The Columbus Quincentenary spawned a tremendous resurgence of interest in the interplay of Native American and European cultures that began five centuries ago. Unfortunately, many of the books associated with this resurgence are simply ancient European texts republished without comment. One result is that European commentators of the day have been promoted as objective observers of native cultures, their fears and prejudices attaining the status of fact. With Wild Majesty, Peter Hulme and Neil Whitehead forcefully attack this practice.

Wild Majesty is an anthology. Portions of 31 texts are reproduced. The editors specifically chose “narratives which embodied, and continue to embody, a powerful series of Western ideologies about the Caribs” (p. 4, emphasis in original). They sought to represent all the “major” writers on the Caribs and gave precedence to eyewitness accounts. Starting with “The Letter of Columbus” (1493) and ending with José Barreiro’s “Carib Gallery” (1990), the texts are reproduced in chronological sequence. The sequence is punctuated by five centennial divisions, which reflect the major phases through which Carib historicity has passed. There are brief introductions to these divisions and to each text. The editors wrote about one-third of the book, roughly one hundred pages.

One of the most successful aspects of the book is that it brings the Carib story up to the present. In doing so the editors show how the modern portrait of the Caribs has been built up from earlier texts. For instance, in introducing the transcript of Alan Whicker’s 1964 BBC documentary they comment, “Many of the tropes will be by now recognizable. The difficulty of the journey is emphasized— ‘expedition into the remote territory. . . almost inaccessible.’. . . The Caribs are seen as living out a ‘tragic destiny. . . doomed to extinction’” (p. 332). Yet in all instances, contact with the Caribs led to an immediate recognition of their humanity and a rejection of the past accounts of their ferocity. The Caribs are clearly not the cannibals of lore. It is as if someone went to Jurassic Park and found it inhabited by Barneys.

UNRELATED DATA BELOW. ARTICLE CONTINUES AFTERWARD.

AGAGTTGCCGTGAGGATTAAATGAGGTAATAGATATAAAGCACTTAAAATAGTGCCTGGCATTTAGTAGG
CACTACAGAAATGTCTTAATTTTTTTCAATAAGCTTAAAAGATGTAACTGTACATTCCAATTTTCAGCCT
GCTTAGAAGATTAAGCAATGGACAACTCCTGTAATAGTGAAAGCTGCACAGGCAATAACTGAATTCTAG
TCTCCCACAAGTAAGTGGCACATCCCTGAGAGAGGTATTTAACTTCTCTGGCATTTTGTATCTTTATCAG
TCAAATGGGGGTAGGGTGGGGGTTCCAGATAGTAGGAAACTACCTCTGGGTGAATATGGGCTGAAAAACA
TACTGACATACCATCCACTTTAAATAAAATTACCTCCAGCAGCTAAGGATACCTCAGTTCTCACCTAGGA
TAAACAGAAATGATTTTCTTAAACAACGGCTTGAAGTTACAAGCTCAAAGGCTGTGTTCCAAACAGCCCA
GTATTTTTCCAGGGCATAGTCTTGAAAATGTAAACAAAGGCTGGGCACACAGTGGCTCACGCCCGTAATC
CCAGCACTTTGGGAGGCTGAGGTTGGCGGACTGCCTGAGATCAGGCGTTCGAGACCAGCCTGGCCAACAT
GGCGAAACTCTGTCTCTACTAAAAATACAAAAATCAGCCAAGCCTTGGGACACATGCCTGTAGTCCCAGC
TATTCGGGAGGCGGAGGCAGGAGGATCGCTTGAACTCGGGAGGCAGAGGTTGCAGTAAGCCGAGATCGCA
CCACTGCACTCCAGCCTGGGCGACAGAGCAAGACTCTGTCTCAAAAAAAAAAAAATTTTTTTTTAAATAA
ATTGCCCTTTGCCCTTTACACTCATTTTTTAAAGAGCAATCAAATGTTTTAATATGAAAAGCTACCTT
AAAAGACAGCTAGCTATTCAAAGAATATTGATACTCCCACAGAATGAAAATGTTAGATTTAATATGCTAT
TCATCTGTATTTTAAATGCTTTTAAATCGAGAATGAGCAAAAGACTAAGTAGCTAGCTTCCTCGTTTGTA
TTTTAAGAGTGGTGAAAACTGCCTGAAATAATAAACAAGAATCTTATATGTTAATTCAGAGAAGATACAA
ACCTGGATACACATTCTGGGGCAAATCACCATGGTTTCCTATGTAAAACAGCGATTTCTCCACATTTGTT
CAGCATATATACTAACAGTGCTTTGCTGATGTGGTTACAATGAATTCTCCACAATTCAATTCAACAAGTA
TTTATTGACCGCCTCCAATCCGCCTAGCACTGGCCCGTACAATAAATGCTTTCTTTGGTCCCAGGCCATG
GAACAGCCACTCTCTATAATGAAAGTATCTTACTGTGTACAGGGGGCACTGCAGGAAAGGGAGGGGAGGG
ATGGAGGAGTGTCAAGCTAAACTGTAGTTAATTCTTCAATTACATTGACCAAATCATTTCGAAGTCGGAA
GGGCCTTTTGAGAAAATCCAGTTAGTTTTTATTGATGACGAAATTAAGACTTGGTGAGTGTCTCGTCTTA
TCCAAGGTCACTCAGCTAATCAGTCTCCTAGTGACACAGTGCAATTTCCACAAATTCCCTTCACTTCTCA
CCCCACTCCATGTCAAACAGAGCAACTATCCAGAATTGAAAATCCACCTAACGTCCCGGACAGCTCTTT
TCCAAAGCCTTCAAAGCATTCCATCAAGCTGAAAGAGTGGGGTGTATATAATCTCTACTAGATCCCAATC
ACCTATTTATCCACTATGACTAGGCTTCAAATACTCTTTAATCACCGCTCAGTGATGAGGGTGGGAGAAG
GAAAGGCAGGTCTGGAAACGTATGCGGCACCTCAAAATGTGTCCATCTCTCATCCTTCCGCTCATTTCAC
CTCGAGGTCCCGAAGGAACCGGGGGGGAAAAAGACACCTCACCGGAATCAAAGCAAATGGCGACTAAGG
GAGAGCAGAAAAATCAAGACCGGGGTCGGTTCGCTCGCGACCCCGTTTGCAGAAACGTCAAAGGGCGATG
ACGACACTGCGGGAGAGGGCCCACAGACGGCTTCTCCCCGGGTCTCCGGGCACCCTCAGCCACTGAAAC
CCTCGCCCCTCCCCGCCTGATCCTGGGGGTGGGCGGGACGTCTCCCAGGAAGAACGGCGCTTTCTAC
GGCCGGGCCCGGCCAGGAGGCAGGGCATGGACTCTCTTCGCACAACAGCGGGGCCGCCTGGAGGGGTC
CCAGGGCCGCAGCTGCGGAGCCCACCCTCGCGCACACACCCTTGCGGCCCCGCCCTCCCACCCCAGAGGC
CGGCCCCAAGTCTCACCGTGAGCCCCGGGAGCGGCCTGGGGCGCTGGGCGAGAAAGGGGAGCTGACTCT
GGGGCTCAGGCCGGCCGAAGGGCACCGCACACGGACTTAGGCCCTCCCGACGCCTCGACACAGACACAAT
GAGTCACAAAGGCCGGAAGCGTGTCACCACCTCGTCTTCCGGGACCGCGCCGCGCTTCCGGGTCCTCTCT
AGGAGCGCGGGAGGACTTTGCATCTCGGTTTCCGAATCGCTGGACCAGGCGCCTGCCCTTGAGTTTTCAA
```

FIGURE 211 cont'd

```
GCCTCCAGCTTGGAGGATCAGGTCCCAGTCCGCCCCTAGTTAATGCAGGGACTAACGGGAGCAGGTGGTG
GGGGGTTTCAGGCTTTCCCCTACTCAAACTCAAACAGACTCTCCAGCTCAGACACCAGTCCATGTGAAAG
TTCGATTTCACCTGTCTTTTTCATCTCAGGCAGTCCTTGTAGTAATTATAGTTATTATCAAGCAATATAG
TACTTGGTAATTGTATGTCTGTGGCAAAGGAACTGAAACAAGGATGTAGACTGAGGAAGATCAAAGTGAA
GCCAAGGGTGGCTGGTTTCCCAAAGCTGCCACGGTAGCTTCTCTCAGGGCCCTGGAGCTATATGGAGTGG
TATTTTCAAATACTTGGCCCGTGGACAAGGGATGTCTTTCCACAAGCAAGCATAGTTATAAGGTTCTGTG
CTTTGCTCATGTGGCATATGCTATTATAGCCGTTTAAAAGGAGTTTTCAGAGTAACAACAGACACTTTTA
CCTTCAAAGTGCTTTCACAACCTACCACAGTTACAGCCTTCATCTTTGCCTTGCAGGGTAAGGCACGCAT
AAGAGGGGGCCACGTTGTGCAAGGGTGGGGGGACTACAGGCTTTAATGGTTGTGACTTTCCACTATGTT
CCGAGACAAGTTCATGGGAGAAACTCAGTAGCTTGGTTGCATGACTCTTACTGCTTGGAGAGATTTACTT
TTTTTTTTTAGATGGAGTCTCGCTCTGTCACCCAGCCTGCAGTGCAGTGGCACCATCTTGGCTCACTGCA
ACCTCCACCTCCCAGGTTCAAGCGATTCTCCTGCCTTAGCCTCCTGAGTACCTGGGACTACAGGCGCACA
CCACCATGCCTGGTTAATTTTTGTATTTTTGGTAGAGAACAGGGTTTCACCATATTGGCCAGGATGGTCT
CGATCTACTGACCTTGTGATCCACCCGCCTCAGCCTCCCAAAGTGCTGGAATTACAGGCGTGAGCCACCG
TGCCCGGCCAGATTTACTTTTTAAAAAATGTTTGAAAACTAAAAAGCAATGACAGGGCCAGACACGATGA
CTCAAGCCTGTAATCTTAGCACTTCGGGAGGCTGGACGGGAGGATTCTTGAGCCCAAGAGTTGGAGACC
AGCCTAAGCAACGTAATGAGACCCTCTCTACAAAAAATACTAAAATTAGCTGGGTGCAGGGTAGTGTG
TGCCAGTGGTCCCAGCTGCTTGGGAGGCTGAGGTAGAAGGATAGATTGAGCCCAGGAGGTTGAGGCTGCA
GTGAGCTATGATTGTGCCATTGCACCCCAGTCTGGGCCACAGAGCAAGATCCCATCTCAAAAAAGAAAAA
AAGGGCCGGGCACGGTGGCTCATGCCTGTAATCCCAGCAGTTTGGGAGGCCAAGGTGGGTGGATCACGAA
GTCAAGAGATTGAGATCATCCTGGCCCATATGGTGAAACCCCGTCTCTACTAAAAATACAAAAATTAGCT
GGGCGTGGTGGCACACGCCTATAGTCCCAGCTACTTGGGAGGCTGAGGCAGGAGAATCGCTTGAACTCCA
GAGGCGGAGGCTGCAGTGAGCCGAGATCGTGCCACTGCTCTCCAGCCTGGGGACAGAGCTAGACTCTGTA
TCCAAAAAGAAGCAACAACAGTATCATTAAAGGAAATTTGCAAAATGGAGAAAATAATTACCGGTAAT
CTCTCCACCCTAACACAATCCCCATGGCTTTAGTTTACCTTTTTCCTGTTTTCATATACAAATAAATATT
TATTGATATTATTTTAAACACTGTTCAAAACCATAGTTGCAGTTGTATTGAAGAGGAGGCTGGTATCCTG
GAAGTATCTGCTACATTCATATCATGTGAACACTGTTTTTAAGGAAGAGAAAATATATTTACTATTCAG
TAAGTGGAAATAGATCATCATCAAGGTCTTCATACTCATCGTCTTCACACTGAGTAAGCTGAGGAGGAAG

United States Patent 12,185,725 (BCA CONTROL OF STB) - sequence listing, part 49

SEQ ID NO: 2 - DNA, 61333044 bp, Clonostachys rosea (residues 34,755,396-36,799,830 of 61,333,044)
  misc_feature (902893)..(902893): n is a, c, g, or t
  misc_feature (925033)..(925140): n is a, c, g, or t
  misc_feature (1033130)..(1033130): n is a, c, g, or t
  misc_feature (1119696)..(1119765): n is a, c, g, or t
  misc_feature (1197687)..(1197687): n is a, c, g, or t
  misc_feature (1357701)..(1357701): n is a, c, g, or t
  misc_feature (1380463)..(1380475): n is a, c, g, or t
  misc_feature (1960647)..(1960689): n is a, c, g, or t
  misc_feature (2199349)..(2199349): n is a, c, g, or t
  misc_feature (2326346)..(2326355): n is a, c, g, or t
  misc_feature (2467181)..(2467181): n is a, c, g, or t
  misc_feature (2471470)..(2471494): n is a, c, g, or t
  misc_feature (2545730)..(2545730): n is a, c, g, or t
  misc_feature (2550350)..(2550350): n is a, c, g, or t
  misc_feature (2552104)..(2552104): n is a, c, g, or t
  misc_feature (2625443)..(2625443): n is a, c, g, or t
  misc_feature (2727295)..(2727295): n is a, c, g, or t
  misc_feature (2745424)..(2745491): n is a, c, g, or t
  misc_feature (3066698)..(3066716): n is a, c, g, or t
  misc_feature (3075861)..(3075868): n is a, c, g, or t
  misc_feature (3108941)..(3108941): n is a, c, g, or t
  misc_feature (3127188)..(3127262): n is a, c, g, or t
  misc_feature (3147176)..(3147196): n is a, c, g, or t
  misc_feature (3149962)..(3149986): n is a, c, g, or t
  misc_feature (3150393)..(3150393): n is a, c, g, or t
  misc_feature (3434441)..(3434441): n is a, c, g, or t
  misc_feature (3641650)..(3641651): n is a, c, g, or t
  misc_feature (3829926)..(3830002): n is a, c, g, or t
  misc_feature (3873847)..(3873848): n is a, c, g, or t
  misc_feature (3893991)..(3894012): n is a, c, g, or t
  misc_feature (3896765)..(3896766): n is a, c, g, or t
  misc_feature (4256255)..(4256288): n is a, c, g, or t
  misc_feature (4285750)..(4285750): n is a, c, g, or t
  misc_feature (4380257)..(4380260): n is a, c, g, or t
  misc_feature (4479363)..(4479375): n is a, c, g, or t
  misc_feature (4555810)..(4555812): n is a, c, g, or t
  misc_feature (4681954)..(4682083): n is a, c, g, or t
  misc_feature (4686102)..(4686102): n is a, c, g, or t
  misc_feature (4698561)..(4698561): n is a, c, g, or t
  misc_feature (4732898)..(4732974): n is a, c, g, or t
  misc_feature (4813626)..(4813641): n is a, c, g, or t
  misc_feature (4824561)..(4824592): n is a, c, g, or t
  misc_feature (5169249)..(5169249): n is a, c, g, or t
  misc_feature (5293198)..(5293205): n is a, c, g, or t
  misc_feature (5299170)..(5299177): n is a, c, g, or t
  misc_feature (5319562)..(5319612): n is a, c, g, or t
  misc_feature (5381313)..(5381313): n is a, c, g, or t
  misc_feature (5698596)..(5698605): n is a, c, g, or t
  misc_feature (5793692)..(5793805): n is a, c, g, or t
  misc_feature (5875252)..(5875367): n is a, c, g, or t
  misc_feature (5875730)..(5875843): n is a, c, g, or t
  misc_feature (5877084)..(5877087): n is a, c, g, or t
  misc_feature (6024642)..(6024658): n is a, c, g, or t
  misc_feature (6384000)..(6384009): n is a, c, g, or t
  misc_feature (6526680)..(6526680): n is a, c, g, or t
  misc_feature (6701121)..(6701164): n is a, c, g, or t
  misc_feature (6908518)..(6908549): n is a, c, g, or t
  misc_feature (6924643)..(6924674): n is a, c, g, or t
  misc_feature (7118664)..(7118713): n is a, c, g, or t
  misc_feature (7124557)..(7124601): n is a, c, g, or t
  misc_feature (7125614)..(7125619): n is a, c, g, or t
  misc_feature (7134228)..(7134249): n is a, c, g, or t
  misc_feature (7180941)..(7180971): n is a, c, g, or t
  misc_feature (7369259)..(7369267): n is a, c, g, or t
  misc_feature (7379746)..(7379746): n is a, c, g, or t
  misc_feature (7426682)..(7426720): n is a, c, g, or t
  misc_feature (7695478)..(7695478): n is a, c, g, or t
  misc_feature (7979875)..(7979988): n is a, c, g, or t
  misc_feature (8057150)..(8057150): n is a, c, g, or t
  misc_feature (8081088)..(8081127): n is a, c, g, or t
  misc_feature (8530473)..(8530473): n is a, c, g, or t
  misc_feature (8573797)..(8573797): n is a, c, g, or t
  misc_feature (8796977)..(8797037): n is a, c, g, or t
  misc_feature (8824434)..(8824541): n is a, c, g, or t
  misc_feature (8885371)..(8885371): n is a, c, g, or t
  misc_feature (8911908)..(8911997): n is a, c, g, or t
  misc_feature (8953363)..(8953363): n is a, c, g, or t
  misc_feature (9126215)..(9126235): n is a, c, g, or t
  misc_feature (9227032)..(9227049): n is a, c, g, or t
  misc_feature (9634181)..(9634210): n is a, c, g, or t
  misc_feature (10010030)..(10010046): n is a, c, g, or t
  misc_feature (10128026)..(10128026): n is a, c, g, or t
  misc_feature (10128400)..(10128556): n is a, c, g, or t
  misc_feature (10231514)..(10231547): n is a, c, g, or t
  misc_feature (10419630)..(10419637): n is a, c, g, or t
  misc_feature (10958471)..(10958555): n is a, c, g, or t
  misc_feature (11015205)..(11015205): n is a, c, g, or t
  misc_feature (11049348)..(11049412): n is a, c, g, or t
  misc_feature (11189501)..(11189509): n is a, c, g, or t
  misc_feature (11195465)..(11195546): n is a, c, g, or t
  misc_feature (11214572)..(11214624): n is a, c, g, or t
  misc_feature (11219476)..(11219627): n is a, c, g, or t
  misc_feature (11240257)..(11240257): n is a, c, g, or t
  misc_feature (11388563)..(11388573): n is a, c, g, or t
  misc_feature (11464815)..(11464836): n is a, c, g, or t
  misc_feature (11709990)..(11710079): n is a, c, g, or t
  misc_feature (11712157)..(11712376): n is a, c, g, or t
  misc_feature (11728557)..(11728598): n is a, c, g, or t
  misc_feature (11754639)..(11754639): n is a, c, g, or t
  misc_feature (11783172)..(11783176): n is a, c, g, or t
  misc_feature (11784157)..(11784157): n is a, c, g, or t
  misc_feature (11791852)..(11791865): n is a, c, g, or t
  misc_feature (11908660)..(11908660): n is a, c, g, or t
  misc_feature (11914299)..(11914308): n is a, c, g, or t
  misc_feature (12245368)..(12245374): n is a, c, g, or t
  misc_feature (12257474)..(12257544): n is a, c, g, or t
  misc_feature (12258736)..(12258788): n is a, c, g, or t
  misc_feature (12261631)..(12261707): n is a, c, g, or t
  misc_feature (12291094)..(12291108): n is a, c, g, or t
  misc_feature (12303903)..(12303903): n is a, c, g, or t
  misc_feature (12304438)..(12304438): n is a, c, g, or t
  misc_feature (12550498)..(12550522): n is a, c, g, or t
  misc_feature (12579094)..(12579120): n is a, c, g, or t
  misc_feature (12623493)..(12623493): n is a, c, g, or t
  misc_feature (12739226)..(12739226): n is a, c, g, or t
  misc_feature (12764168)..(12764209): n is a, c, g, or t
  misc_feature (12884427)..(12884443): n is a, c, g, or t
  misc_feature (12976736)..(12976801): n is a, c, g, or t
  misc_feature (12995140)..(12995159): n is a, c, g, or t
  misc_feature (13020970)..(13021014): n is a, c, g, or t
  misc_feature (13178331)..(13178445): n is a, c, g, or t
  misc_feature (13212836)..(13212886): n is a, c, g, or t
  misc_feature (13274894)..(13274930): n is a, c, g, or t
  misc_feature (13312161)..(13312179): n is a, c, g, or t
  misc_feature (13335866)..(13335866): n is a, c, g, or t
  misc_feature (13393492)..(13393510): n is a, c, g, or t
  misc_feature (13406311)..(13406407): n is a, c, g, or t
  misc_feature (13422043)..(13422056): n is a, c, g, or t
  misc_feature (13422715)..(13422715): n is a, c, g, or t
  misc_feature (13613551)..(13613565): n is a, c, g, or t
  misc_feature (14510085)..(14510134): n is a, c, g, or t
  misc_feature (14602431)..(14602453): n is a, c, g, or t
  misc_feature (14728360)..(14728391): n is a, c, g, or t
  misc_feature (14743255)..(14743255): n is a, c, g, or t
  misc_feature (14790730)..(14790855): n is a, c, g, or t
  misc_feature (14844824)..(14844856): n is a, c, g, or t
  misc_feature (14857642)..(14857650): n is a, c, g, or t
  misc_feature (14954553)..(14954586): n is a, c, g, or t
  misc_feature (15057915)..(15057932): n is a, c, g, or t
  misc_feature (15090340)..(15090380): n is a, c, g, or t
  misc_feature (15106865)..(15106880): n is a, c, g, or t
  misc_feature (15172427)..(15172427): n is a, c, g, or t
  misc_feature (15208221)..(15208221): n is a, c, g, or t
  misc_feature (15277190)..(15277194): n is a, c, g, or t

Wild Majesty “is not a history of the relations between Caribs and outsiders” (p. 4). It is an act of cultural creation. By carefully selecting “eyewitness accounts” (p. 5) and arranging them in historical sequence, Wild Majesty transports the reader to a new level of understanding. The Caribs are no longer simply savage cannibals, no longer a dying race. The Caribs are the victors. They have outlasted their European oppressors, and though their culture and society have been battered, their spirit has not been diminished. Moreover, in pointing this out Hulme and Whitehead have demystified aspects of Western ideology by documenting the very human reality around which that ideology has grown.